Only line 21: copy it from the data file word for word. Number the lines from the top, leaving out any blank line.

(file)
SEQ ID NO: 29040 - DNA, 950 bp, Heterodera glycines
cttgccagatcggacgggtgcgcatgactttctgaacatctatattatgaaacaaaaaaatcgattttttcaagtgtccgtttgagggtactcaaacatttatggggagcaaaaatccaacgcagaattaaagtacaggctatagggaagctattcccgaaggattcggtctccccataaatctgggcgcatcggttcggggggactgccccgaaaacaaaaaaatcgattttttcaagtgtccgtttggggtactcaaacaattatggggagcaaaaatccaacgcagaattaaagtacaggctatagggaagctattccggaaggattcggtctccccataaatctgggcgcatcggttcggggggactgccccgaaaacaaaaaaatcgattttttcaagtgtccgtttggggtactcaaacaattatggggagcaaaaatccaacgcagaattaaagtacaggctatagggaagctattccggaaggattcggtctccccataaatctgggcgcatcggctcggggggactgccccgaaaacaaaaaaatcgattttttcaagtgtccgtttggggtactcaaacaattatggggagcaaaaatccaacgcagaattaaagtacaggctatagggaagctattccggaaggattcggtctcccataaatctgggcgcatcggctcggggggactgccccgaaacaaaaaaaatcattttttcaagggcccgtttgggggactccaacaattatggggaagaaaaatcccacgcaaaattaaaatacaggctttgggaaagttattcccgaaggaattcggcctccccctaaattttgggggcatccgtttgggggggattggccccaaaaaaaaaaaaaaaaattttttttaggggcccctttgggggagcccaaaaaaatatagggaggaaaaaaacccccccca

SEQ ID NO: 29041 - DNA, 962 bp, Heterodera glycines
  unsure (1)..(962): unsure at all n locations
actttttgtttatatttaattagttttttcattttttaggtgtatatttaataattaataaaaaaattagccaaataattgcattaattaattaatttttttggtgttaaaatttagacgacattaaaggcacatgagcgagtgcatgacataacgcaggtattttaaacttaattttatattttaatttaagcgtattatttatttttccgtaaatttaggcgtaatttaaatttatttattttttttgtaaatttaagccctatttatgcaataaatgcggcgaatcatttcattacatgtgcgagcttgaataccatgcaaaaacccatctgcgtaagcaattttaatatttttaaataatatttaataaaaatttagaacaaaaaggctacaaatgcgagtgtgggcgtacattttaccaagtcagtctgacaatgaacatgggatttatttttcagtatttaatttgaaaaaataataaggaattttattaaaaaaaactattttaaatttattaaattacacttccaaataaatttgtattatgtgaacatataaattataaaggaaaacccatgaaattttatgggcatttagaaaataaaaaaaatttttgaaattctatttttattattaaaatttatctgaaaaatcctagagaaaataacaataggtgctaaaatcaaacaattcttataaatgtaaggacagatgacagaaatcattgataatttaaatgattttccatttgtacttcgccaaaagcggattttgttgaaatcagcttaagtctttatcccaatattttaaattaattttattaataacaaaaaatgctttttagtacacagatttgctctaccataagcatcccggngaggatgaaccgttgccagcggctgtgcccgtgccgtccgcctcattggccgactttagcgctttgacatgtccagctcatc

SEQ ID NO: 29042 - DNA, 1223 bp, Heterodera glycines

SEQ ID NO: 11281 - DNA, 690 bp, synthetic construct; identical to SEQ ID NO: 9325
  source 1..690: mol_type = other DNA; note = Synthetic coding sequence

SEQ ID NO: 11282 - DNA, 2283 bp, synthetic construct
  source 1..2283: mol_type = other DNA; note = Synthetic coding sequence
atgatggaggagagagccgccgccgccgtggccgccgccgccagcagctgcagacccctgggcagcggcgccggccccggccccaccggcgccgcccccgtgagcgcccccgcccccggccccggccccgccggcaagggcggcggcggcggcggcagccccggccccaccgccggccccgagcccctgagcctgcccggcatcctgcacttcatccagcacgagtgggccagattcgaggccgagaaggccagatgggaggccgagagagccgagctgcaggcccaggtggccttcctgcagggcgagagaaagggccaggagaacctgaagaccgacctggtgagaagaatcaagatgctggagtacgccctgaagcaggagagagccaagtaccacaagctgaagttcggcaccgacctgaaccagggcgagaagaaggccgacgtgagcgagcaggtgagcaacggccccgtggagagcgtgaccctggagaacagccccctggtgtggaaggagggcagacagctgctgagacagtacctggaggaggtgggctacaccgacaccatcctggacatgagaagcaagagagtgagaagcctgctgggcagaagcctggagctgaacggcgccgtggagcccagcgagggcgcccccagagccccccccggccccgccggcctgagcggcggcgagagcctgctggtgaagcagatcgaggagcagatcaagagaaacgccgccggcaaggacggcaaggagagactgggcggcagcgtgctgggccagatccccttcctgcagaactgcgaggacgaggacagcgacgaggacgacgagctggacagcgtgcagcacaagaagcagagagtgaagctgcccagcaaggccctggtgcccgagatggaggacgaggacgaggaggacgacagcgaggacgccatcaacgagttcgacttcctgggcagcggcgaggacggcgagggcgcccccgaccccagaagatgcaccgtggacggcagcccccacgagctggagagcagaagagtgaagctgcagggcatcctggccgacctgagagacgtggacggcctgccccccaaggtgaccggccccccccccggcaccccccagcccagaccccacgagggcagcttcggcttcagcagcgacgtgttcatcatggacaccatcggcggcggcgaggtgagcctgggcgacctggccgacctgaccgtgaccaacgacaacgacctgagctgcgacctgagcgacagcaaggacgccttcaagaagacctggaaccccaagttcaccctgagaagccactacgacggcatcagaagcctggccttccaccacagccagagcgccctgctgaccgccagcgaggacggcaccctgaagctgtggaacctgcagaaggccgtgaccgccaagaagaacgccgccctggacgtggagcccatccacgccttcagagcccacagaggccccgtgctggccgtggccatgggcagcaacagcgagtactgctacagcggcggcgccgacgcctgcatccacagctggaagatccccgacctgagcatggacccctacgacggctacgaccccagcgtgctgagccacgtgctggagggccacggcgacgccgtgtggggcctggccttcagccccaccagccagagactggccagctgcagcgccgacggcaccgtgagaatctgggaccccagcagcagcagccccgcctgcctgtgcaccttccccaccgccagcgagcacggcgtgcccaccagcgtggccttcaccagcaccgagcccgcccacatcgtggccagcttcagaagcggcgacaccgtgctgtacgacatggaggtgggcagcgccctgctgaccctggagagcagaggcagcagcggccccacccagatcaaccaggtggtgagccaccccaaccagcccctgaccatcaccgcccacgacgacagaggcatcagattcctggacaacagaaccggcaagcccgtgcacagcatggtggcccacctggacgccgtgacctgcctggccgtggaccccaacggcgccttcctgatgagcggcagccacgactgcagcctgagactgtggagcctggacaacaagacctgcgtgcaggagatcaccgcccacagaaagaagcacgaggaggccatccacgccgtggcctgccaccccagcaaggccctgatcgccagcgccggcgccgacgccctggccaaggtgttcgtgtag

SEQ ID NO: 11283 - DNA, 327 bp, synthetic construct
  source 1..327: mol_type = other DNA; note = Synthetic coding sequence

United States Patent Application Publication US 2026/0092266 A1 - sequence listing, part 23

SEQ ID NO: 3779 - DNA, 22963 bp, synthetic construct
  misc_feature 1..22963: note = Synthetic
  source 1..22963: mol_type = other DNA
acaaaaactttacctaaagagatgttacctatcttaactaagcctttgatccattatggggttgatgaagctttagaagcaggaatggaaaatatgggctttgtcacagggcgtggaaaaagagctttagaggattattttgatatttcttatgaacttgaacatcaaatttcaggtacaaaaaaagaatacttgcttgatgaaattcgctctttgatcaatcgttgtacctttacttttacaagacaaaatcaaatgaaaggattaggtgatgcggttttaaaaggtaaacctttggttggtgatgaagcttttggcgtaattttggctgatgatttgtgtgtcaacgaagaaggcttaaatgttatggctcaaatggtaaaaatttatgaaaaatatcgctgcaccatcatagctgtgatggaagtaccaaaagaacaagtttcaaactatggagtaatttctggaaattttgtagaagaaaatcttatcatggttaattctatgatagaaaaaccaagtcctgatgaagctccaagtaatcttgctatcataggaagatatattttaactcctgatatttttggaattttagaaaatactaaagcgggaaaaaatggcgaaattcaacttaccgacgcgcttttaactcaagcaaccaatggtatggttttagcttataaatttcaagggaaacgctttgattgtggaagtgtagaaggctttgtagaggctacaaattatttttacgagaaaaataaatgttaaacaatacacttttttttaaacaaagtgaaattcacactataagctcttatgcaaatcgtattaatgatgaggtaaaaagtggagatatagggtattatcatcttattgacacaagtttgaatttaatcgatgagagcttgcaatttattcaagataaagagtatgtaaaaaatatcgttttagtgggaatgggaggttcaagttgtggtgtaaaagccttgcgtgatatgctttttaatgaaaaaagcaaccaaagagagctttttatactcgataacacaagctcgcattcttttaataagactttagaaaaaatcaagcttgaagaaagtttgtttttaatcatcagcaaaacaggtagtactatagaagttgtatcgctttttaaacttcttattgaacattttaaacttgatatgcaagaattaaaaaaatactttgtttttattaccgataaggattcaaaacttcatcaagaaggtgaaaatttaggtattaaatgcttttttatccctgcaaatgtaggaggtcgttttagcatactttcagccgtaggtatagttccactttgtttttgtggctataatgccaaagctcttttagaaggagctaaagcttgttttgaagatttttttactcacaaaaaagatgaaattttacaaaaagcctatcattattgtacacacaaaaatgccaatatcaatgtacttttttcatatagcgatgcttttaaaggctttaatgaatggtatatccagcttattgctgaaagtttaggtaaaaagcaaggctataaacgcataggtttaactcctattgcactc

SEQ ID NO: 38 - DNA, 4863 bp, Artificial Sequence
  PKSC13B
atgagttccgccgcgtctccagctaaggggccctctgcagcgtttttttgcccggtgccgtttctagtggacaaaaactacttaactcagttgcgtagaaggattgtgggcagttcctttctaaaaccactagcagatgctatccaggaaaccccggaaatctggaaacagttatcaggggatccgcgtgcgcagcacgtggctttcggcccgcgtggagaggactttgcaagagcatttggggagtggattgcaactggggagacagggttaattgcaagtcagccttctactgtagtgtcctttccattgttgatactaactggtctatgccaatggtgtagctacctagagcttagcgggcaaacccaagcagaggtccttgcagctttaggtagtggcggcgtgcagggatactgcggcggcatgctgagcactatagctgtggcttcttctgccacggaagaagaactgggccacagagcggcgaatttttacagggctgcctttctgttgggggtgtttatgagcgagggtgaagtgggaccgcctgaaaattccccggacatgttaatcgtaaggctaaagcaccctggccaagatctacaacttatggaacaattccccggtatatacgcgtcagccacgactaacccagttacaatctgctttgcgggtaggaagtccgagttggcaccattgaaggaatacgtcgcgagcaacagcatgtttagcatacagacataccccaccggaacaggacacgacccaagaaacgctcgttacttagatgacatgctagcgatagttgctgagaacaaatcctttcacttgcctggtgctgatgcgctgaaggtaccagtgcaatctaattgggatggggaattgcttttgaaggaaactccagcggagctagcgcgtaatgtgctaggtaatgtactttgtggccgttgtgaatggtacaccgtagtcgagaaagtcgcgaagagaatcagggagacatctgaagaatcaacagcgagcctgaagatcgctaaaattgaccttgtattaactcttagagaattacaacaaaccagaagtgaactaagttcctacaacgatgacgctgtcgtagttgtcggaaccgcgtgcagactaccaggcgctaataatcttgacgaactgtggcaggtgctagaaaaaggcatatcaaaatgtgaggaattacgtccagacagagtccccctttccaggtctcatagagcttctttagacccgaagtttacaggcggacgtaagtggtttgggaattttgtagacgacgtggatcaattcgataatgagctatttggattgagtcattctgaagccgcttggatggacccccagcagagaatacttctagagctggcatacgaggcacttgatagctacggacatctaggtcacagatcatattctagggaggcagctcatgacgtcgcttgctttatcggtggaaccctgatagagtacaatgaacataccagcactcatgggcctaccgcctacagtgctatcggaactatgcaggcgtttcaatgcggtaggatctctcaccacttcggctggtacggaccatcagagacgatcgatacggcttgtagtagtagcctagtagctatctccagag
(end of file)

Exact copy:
atgagttccgccgcgtctccagctaaggggccctctgcagcgtttttttgcccggtgccgtttctagtggacaaaaactacttaactcagttgcgtagaaggattgtgggcagttcctttctaaaaccactagcagatgctatccaggaaaccccggaaatctggaaacagttatcaggggatccgcgtgcgcagcacgtggctttcggcccgcgtggagaggactttgcaagagcatttggggagtggattgcaactggggagacagggttaattgcaagtcagccttctactgtagtgtcctttccattgttgatactaactggtctatgccaatggtgtagctacctagagcttagcgggcaaacccaagcagaggtccttgcagctttaggtagtggcggcgtgcagggatactgcggcggcatgctgagcactatagctgtggcttcttctgccacggaagaagaactgggccacagagcggcgaatttttacagggctgcctttctgttgggggtgtttatgagcgagggtgaagtgggaccgcctgaaaattccccggacatgttaatcgtaaggctaaagcaccctggccaagatctacaacttatggaacaattccccggtatatacgcgtcagccacgactaacccagttacaatctgctttgcgggtaggaagtccgagttggcaccattgaaggaatacgtcgcgagcaacagcatgtttagcatacagacataccccaccggaacaggacacgacccaagaaacgctcgttacttagatgacatgctagcgatagttgctgagaacaaatcctttcacttgcctggtgctgatgcgctgaaggtaccagtgcaatctaattgggatggggaattgcttttgaaggaaactccagcggagctagcgcgtaatgtgctaggtaatgtactttgtggccgttgtgaatggtacaccgtagtcgagaaagtcgcgaagagaatcagggagacatctgaagaatcaacagcgagcctgaagatcgctaaaattgaccttgtattaactcttagagaattacaacaaaccagaagtgaactaagttcctacaacgatgacgctgtcgtagttgtcggaaccgcgtgcagactaccaggcgctaataatcttgacgaactgtggcaggtgctagaaaaaggcatatcaaaatgtgaggaattacgtccagacagagtccccctttccaggtctcatagagcttctttagacccgaagtttacaggcggacgtaagtggtttgggaattttgtagacgacgtggatcaattcgataatgagctatttggattgagtcattctgaagccgcttggatggacccccagcagagaatacttctagagctggcatacgaggcacttgatagctacggacatctaggtcacagatcatattctagggaggcagctcatgacgtcgcttgctttatcggtggaaccctgatagagtacaatgaacataccagcactcatgggcctaccgcctacagtgctatcggaactatgcaggcgtttcaatgcggtaggatctctcaccacttcggctggtacggaccatcagagacgatcgatacggcttgtagtagtagcctagtagctatctccagag